|Class rank changes recommended|
|Written by Brenda Johnson Brandt|
A recommendation for changing the way HHS determines class rank for graduating seniors was presented by Principal Susan Ortner at the Tuesday, Feb. 18 school board meeting.
The recommendation rewards students who have challenged themselves by taking at least five courses/10 credits of the recommended college/AP credits in core class areas. A course covers a full year, with one credit hour for each semester.
The reward is ranking those students above those who do not meet the 10-credit minimum. It gives those higher-ranked students an opportunity to earn more college scholarships based on the new class rank rather than the current procedure.
Three criteria are being recommended for the new class rank determination. Superintendent Bret Miles cited the extensive data and review work completed by counselor Summer Maloney and Ortner.
He told the board that the purpose of this recommendation isn’t to close off options; it’s just a place to start discussion.
First, in the class rank recommendations: Students who have taken a minimum of five courses/10 credits in upper level core curriculum areas (including English, math including trigonometry/advanced math, science including physics, and social science) will be ranked above students who do not meet the 10-credit minimum.
Secondly, students who meet this requirement must also have a minimum unweighted GPA of 3.5. This is also the National Honor Society minimum GPA.
The third bullet point of the recommendation is that students who meet the 10-credit requirement and have between a 3.25 and 3.49 GPA will be ranked immediately below the students with 10 credits who also have 3.5 or higher GPAs.
All other students will fall in place after that, regardless of upper level credits or not.
Returning to a weighted grade system is not part of Ortner’s recommendation. The last class at HHS to use a weighted grade scale was the Class of 2008.
In the weighted grade setting, for college/AP credit classes, students received a 5.0 for an A, 4.0 for a B, 3.0 for a C and 2.0 for a D. This compares to the regular scale of 4.0 for an A, 3.0 for a B, 2.0 for a C and 1.0 for a D.
Reviewing considerable data, Ortner said it is still the recommendation to maintain the practice that has been used since the Class of 2009, where grades are not weighted.
Explaining why weighted grades aren’t recommended, Ortner said the new criteria they’re looking at for class ranking takes care of the concern related to students being eligible for more scholarship money based on class rank.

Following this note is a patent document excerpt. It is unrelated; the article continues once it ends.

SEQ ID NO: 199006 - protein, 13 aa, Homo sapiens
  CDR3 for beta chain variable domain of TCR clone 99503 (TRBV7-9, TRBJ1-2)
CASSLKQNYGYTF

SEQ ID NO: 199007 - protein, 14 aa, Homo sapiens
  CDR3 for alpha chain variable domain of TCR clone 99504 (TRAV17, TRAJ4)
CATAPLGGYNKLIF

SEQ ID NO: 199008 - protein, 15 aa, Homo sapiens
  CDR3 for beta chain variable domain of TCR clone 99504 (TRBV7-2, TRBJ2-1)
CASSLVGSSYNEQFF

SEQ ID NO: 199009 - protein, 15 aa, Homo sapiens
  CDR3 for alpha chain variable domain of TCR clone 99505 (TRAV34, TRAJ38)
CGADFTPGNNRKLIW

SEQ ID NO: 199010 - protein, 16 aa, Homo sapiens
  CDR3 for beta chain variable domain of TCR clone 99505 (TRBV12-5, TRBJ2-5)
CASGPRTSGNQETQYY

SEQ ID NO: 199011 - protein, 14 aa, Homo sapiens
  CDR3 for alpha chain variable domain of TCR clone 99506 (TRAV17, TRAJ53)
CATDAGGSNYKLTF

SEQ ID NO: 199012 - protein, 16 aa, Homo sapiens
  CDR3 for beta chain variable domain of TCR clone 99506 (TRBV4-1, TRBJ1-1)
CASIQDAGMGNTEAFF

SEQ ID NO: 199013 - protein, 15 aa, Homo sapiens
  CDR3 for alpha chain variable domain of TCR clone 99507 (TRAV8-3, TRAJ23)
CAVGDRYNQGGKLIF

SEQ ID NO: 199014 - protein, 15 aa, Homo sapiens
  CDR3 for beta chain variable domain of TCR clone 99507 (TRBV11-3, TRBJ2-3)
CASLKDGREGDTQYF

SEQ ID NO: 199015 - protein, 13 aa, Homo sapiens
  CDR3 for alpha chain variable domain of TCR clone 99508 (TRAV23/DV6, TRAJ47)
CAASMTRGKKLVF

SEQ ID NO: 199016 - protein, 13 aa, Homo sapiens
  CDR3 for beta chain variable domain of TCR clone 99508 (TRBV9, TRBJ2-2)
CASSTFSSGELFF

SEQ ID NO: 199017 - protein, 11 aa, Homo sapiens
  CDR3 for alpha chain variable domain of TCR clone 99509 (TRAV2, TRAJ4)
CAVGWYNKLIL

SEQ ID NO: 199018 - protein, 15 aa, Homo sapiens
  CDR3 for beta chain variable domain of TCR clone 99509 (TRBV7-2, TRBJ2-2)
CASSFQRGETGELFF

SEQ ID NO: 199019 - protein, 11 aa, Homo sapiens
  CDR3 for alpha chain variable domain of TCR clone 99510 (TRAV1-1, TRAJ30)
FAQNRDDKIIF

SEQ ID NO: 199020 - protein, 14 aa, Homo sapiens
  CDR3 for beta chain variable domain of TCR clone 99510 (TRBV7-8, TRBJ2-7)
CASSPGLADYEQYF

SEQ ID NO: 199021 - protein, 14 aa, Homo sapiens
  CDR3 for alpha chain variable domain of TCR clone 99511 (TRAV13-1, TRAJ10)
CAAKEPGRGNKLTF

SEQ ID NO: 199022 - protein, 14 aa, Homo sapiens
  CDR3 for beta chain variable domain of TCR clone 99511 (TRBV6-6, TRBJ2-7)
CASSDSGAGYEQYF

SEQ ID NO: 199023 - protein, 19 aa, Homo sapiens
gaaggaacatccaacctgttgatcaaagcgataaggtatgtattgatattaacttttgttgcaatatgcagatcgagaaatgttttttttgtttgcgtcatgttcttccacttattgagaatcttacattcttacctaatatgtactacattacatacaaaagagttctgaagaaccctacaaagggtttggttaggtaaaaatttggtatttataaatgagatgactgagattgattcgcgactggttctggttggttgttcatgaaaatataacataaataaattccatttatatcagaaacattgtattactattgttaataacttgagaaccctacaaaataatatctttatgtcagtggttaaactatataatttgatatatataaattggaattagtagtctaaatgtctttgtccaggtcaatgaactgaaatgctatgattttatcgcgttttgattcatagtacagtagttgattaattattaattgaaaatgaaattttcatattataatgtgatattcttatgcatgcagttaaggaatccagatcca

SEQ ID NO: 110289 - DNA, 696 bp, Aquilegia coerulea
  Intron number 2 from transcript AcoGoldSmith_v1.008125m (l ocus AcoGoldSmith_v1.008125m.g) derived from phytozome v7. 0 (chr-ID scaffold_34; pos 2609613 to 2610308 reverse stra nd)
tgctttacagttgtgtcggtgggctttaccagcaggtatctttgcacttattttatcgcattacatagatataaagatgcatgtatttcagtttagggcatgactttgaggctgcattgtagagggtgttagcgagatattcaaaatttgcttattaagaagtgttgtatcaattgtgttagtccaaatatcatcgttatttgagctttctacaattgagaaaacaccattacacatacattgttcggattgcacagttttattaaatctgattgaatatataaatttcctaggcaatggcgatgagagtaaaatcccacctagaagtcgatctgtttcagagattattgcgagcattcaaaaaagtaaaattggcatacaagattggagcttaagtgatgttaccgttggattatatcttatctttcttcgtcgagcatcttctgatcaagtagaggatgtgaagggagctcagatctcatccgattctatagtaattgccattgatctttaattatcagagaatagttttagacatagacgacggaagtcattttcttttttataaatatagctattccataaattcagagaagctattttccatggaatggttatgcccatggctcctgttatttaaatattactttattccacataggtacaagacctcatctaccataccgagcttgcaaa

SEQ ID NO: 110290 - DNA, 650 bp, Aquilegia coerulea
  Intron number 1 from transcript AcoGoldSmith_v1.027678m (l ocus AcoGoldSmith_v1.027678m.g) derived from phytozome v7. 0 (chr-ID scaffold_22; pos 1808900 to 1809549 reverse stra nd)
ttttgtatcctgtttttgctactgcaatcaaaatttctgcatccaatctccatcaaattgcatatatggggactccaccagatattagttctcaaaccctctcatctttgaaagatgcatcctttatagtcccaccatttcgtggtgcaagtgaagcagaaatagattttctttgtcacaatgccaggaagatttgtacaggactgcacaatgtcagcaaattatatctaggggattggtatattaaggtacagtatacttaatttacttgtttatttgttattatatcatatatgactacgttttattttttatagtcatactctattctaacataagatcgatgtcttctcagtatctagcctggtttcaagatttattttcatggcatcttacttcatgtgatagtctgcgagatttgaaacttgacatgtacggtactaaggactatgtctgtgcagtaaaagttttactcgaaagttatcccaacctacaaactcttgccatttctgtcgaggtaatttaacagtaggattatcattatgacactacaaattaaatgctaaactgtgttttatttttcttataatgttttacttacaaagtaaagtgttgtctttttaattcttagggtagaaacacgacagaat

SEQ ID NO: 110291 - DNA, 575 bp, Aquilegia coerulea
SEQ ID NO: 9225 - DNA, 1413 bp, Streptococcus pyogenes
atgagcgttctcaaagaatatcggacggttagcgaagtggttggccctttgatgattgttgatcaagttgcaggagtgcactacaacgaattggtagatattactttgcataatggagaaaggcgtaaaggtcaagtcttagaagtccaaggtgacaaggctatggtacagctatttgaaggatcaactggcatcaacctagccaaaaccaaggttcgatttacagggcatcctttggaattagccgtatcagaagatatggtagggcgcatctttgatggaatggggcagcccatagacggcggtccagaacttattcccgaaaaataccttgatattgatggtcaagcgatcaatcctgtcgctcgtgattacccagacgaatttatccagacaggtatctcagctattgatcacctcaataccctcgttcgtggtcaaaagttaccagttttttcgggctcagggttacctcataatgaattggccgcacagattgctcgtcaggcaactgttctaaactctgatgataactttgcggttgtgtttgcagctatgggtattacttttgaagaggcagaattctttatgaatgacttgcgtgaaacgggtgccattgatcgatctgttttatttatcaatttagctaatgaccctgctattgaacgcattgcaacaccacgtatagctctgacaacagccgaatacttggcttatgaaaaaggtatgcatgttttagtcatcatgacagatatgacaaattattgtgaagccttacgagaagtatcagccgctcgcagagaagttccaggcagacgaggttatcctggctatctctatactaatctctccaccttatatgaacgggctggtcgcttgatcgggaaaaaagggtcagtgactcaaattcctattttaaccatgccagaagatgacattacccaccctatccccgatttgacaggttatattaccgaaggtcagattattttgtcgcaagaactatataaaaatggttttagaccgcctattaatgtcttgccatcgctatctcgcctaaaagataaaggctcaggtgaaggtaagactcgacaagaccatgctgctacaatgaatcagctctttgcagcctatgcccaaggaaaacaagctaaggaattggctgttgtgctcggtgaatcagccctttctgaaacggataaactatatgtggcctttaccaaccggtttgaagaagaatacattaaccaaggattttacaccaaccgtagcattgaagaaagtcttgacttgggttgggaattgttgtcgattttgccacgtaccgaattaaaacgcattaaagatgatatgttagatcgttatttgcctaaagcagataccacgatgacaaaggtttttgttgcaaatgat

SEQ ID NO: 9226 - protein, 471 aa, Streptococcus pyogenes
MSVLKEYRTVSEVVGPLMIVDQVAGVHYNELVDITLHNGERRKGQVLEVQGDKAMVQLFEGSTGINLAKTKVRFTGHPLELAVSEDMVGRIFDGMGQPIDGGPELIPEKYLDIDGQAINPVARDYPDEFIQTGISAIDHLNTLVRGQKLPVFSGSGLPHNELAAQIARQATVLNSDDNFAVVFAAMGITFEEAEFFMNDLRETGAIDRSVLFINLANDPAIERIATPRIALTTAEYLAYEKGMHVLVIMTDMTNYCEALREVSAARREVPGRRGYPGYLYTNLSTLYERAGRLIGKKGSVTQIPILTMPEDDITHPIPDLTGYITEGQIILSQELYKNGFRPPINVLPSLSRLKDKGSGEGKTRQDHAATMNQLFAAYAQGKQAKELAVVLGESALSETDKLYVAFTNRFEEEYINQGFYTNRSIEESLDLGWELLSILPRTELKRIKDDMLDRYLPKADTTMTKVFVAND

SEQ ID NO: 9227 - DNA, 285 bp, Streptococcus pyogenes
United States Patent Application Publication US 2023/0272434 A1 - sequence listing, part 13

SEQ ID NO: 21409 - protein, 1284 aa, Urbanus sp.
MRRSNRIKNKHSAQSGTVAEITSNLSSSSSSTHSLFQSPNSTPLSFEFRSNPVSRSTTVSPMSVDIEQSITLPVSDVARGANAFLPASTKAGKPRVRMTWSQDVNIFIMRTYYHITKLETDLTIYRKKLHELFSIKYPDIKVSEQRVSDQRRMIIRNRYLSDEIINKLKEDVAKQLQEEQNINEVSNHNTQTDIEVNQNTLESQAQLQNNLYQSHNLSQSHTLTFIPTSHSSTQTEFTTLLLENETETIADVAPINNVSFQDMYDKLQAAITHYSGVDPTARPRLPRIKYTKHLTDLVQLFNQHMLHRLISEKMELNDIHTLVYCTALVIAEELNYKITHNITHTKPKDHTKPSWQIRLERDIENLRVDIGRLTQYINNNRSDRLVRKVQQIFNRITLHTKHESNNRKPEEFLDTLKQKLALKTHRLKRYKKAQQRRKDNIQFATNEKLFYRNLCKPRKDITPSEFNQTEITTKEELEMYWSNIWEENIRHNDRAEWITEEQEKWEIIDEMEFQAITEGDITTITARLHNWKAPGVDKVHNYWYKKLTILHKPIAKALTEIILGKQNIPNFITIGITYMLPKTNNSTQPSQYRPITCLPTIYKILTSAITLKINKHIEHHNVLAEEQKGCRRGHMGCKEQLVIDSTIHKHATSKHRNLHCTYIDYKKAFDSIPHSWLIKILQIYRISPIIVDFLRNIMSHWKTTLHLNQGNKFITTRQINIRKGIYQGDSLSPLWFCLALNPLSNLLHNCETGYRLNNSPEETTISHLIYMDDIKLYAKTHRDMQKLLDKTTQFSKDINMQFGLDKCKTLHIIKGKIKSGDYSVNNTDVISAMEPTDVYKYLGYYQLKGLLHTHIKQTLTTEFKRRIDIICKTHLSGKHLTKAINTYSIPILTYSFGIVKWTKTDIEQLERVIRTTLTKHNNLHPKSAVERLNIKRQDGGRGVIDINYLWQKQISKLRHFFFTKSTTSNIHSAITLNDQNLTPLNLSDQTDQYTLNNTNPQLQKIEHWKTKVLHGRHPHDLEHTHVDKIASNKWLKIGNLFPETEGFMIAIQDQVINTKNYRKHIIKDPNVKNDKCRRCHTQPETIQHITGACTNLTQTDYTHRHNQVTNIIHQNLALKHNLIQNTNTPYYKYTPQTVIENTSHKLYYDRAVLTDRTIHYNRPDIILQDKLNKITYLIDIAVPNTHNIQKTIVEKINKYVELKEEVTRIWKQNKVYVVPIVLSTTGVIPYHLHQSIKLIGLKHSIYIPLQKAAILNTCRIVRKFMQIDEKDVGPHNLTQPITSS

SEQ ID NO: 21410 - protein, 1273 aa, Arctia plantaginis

She added that feedback from many colleges indicates they convert weighted grades back to unweighted grades to compare students.
Ortner also pointed out that they don’t want to “split hairs” based on hundredths of a point because one student has one more credit than another.
Maloney provided information detailing GPA (both weighted and unweighted), number of college/AP credits completed and class rank for the previous six graduating classes and the current senior class through first semester.
She showed the original class ranks, as well as calculations for weighted ranks and weighted ranks with those taking a minimum of 10 credits ranked first. The board noted appreciation for the clear data and asked for one more column citing unweighted ranks with those taking a minimum of 10 credits ranked first, to show what the proposed criteria would do to class ranks.
Ortner explained that Maloney also talked with admissions counselors at six Colorado colleges and three out-of-state schools. Additionally, Maloney reviewed information from the Colorado Commission on Higher Education related to changes to Colorado’s college admissions standards policy. Those recommendations are still in the review process. They’ve not been decided nor has an implementation timeline been determined.
Through this study of local data, Miles said they did find that there’s enough information that says the school district should be looking in to revising class ranking procedures.
Red Cross recognizes student effort
Eight HHS students in Chuck Hurst’s leadership class were recognized for their assistance to the Red Cross following the September flooding in Colorado.
Red Cross coordinators Carol Brom of Sterling and Cathy Starkebaum of Haxtun attended last week’s board meeting to present certificates of appreciation to the local students.
Members of the leadership class who were recognized included Zach Churchwell, Anastasia Conklin, Federica Detomas, Kelsey Kramer, Kayla Marshall, Xander Nelson, Morgan Philips and Wendy Payan.
Brom expressed her appreciation for the group of students from Holyoke, Haxtun, Peetz and Merino who were instrumental in the joint project to help Red Cross clients in recovery from the flood.
The students from the four schools put together 54 grocery-size bags of activities and supplies. Some were taken to the Recovery Center on the Front Range, while a few were kept for the northeast region in case they’re needed in the future.
Brom and Starkebaum told the school board members that they just wanted them to have an understanding of how the local students reached out beyond their own community.
In other business at the Feb. 18 meeting, the Re-1J board:
—accepted coaching resignations from Luke Thomas, head HS track, and Kia Kassman, assistant HS track, for the 2014 season.
—hired Michaela Worley as head HS girls’ golf coach and Amanda Skinner as assistant HS girls’/boys’ track coach for the 2014 spring seasons.
—looked at a 2014-15 draft calendar, noting that Miles will present a proposed calendar at the March 4 board meeting.
—ratified the closing of school Wednesday, Feb. 5 due to inclement weather.
—held a 50-minute executive session at the close of the meeting to review principal evaluations.
Holyoke Enterprise February 27, 2014